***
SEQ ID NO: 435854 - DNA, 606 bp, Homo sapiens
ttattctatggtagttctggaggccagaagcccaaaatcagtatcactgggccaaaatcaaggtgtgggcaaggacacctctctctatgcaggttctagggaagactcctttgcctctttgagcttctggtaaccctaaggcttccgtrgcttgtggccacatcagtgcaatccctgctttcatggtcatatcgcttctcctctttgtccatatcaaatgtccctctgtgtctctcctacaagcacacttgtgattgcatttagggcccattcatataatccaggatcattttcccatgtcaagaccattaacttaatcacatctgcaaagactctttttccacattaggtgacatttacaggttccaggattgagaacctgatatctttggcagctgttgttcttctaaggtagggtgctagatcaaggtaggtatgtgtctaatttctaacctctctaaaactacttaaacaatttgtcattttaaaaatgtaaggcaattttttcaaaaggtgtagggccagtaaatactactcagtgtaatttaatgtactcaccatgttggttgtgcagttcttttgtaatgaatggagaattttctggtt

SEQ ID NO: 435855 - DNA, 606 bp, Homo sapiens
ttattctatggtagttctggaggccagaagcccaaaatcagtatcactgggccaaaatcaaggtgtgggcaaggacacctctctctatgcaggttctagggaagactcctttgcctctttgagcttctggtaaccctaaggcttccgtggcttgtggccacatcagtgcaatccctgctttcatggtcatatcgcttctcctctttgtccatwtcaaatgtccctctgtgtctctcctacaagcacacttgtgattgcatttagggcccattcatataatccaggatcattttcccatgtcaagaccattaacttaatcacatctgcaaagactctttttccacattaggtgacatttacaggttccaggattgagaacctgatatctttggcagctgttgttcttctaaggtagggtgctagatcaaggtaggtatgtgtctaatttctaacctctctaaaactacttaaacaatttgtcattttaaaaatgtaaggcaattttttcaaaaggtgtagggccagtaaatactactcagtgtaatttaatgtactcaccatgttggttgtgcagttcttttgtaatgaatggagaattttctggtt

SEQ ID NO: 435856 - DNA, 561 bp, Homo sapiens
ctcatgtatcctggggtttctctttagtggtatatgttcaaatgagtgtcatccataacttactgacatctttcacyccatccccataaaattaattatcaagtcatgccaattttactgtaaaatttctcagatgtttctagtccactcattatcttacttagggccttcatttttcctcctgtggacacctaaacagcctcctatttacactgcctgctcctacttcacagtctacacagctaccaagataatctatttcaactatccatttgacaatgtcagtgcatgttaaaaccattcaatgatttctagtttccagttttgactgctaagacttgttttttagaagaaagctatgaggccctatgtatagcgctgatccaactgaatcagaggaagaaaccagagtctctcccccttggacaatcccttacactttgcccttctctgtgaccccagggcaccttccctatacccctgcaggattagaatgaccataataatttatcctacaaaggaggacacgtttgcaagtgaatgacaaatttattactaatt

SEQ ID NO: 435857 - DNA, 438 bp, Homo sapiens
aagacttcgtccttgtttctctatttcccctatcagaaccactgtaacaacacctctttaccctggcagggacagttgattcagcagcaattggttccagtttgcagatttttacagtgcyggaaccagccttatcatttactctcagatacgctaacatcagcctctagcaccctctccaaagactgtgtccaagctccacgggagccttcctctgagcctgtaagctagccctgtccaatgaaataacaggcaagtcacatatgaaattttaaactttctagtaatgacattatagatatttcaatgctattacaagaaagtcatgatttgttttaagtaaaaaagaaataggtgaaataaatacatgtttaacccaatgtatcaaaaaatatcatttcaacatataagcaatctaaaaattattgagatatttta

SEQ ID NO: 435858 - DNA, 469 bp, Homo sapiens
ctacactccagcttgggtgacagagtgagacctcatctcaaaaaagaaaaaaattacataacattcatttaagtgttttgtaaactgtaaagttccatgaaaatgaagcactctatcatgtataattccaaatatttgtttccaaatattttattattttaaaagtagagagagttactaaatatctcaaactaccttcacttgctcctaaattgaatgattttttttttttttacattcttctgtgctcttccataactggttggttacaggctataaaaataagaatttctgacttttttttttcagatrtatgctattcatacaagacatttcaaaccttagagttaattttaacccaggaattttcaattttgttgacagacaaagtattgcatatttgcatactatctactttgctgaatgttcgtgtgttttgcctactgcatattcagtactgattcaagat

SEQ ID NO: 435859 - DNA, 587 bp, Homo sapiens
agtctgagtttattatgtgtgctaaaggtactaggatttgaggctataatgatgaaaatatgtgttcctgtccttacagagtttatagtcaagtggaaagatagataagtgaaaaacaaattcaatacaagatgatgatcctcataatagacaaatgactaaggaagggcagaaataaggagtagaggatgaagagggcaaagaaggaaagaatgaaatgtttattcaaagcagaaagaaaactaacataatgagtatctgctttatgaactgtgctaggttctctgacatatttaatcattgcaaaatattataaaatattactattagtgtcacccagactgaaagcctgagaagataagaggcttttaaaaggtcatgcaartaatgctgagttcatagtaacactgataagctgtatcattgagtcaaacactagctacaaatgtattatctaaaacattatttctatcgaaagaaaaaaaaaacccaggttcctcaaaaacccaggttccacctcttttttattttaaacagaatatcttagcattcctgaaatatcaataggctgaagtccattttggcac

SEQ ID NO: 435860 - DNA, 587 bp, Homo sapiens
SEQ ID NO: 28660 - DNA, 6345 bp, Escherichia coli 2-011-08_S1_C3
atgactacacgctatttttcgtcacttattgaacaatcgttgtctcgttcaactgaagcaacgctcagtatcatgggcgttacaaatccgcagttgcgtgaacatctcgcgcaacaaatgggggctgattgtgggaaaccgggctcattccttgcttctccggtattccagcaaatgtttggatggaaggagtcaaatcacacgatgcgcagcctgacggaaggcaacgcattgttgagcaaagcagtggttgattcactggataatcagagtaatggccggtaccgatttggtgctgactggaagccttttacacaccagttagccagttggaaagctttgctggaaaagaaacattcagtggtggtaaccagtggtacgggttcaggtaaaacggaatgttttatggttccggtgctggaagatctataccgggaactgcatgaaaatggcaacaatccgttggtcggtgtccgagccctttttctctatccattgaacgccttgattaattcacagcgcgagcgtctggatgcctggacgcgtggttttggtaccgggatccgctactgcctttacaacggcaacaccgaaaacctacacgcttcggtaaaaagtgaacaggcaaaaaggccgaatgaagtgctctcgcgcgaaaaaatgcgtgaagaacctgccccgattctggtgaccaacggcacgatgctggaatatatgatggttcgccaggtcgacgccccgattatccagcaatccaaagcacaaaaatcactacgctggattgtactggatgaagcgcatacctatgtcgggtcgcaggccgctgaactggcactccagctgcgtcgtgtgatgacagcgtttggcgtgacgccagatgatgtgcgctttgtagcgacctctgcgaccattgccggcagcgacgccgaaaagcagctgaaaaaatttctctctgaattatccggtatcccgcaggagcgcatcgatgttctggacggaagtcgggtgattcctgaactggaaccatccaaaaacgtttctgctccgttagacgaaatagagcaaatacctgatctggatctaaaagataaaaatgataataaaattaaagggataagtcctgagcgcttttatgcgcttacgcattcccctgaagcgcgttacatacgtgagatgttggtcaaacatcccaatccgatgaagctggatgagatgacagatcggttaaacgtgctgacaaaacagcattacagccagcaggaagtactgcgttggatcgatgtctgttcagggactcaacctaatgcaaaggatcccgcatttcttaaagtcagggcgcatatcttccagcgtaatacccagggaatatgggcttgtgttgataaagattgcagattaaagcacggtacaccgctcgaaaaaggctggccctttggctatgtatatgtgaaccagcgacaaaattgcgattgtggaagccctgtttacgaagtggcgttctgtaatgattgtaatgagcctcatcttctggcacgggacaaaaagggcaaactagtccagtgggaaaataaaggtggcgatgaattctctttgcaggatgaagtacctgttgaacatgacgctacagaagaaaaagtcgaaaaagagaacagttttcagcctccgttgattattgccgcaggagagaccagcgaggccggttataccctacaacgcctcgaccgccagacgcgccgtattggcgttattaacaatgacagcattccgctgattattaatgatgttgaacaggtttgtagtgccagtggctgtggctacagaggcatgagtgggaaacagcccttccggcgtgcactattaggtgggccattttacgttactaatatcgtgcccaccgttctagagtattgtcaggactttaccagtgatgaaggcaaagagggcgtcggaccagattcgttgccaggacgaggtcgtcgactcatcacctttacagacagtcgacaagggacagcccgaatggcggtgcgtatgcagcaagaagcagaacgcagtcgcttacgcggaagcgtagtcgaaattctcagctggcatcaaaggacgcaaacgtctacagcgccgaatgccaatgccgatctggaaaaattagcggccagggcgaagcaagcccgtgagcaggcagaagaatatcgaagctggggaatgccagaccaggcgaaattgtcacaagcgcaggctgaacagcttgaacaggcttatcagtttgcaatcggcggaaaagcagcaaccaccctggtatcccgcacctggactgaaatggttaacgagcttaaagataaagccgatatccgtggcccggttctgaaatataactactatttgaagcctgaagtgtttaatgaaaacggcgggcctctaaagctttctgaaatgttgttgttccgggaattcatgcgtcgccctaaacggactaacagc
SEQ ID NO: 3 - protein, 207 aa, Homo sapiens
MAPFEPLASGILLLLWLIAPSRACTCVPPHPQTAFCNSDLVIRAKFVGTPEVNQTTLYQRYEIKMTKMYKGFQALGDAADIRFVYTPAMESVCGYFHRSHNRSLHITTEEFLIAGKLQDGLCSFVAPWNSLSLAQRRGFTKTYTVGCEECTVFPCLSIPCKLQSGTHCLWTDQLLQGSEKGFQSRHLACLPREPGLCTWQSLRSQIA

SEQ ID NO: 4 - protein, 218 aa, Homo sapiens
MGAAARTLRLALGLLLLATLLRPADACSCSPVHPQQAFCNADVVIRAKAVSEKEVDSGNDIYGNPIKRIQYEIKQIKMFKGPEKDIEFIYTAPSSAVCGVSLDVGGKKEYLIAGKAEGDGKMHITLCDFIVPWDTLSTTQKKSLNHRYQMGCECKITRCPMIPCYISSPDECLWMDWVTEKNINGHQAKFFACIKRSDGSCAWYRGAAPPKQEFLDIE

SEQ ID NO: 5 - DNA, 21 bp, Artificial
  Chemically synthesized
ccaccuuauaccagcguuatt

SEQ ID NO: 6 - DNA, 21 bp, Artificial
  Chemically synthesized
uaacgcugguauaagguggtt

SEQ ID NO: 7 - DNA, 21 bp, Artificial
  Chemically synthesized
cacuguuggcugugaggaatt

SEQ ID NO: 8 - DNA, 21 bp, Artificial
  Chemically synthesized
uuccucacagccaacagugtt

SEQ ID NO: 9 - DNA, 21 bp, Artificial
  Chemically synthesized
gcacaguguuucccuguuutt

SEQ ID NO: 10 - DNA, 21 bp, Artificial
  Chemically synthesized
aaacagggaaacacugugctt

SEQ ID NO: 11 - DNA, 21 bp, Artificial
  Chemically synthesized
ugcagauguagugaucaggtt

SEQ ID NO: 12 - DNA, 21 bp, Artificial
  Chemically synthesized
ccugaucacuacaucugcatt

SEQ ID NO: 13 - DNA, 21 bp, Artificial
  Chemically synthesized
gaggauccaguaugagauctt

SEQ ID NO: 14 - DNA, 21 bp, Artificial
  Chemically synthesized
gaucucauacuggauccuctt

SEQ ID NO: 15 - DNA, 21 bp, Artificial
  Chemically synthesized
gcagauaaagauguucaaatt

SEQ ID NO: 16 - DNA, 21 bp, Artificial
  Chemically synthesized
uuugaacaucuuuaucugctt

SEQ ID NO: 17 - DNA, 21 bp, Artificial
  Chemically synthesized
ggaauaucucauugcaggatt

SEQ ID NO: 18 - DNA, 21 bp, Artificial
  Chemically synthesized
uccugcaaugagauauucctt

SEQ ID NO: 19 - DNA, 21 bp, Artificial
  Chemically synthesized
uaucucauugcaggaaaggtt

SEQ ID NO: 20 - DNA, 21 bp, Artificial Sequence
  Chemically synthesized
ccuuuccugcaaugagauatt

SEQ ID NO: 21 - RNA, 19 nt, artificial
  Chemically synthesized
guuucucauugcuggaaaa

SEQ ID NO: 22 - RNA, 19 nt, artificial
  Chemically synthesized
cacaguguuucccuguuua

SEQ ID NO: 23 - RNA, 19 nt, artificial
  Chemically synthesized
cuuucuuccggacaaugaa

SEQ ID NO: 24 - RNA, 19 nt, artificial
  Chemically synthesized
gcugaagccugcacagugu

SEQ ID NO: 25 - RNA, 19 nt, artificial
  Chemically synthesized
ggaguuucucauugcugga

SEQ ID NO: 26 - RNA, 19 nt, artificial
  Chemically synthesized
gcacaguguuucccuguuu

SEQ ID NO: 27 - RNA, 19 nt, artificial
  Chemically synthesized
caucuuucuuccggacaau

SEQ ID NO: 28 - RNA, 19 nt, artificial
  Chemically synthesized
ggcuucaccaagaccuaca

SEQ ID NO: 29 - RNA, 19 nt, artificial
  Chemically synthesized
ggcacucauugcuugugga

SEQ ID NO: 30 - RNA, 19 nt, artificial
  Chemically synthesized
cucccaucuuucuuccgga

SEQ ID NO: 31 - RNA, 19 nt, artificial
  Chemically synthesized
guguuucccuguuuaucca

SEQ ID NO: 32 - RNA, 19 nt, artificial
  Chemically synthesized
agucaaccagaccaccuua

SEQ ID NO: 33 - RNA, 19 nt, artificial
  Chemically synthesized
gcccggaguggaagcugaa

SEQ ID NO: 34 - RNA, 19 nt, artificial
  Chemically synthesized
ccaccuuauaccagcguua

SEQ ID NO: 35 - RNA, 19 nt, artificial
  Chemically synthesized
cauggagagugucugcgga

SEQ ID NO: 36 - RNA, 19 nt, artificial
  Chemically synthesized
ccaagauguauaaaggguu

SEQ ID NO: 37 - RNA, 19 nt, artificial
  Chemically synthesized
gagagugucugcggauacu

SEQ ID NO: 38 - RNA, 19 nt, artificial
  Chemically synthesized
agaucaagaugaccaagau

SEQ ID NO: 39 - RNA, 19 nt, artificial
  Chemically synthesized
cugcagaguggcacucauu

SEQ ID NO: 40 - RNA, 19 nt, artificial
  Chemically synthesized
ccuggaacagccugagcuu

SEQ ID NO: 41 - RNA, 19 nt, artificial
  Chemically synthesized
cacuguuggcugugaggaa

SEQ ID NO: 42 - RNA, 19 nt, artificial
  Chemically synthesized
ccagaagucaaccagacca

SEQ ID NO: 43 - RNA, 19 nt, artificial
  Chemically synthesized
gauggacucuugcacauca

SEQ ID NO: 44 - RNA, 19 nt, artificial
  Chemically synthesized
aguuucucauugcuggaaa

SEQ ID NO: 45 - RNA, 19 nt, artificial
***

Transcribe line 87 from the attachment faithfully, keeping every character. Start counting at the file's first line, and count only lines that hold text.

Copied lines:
  Chemically synthesized